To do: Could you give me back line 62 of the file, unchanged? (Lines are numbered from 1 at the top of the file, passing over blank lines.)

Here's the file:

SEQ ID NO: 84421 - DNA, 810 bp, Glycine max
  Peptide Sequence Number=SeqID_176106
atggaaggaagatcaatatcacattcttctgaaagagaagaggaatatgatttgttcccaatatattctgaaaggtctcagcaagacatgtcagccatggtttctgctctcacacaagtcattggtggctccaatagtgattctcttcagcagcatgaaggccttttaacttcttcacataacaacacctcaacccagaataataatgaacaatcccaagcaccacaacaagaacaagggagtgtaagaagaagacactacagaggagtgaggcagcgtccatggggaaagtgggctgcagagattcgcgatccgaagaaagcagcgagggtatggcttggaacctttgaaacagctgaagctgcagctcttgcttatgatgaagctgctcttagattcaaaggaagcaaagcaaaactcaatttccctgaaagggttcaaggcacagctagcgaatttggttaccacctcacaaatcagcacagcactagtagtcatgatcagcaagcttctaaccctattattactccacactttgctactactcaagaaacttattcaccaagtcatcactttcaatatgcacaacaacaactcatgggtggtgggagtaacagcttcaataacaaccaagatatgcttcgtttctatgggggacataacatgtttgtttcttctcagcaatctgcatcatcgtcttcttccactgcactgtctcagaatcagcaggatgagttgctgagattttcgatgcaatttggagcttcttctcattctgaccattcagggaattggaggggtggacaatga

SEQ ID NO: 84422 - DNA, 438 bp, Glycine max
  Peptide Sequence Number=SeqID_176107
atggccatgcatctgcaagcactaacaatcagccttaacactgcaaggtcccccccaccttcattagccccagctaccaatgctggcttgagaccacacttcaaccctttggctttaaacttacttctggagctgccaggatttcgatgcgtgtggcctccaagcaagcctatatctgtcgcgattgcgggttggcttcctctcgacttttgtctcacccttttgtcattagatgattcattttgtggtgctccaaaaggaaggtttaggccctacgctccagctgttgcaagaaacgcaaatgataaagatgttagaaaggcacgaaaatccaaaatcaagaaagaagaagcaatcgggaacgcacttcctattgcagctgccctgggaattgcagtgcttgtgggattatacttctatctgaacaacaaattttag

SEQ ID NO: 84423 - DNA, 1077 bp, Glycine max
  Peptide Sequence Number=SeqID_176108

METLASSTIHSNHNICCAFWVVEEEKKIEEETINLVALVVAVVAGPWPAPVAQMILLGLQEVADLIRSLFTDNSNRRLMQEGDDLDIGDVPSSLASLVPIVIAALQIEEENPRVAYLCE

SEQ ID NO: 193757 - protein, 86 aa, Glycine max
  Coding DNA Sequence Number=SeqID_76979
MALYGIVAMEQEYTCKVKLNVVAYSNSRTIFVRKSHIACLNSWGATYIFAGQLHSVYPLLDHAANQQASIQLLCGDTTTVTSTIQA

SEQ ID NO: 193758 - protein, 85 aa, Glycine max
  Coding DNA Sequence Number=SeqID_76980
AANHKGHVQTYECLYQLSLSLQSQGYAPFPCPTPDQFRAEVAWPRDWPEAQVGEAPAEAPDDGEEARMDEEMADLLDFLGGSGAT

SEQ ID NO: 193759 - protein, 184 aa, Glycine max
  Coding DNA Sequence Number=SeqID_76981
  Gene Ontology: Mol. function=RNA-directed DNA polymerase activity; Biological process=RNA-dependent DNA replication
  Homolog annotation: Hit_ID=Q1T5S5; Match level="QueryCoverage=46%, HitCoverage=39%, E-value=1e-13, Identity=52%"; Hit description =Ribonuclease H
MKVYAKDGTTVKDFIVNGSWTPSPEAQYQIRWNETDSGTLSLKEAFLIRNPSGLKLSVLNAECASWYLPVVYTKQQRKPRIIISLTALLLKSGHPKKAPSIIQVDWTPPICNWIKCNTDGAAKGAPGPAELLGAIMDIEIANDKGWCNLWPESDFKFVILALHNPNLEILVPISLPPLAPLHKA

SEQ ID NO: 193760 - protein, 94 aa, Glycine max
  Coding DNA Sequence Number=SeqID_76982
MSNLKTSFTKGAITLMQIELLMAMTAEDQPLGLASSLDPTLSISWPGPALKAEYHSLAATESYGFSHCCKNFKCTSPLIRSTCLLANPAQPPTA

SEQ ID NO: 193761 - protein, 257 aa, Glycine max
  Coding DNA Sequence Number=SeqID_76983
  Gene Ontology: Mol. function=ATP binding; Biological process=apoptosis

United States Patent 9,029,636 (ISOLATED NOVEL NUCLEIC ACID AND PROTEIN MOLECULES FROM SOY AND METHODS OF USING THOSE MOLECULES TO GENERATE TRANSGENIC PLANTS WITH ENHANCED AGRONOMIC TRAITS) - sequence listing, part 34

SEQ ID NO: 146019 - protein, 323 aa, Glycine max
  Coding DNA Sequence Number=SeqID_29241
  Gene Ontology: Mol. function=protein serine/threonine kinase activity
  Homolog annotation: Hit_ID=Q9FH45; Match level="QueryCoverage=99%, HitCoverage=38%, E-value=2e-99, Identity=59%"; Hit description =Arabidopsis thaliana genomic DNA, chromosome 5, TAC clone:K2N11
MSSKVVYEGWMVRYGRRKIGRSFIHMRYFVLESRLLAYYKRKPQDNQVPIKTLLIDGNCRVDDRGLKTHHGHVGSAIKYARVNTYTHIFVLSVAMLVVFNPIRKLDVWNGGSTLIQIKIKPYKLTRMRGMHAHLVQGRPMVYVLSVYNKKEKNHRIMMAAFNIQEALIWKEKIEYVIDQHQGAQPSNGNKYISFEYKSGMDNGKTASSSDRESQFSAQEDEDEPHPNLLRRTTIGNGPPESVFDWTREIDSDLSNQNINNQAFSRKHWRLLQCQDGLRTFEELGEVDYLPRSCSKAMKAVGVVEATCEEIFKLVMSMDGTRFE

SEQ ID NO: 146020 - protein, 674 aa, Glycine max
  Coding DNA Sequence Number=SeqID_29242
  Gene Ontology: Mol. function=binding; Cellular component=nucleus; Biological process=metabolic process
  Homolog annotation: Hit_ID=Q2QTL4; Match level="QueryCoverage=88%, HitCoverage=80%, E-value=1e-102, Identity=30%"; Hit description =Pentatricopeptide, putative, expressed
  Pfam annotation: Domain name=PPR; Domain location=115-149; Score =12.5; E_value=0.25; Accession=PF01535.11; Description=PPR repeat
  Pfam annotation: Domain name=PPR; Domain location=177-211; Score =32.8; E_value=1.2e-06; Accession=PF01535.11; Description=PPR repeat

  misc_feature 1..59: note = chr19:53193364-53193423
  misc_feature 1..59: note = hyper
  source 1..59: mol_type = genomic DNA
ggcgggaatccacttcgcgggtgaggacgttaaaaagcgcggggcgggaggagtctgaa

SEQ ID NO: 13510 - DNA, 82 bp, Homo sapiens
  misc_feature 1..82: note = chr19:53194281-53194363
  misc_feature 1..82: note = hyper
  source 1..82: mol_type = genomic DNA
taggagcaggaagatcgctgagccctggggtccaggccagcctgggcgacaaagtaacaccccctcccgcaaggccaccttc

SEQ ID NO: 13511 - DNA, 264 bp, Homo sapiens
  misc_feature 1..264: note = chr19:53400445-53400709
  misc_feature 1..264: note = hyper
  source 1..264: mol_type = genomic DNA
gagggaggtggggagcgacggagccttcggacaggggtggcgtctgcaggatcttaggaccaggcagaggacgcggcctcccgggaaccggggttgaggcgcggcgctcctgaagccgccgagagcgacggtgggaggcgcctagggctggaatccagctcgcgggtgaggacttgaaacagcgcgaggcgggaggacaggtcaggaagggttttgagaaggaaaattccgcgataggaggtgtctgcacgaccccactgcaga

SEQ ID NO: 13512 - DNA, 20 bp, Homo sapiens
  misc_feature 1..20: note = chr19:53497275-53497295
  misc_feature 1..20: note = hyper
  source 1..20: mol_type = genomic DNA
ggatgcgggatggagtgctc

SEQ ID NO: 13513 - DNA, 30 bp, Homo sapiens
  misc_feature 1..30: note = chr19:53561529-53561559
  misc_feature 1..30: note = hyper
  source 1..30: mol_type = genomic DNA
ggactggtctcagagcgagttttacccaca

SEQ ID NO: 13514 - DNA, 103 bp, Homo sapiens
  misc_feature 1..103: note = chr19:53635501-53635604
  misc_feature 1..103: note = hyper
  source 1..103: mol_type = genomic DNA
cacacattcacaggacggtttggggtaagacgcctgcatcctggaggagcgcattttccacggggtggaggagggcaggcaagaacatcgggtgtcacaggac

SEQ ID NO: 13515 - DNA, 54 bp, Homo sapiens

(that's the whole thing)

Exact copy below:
ggactggtctcagagcgagttttacccaca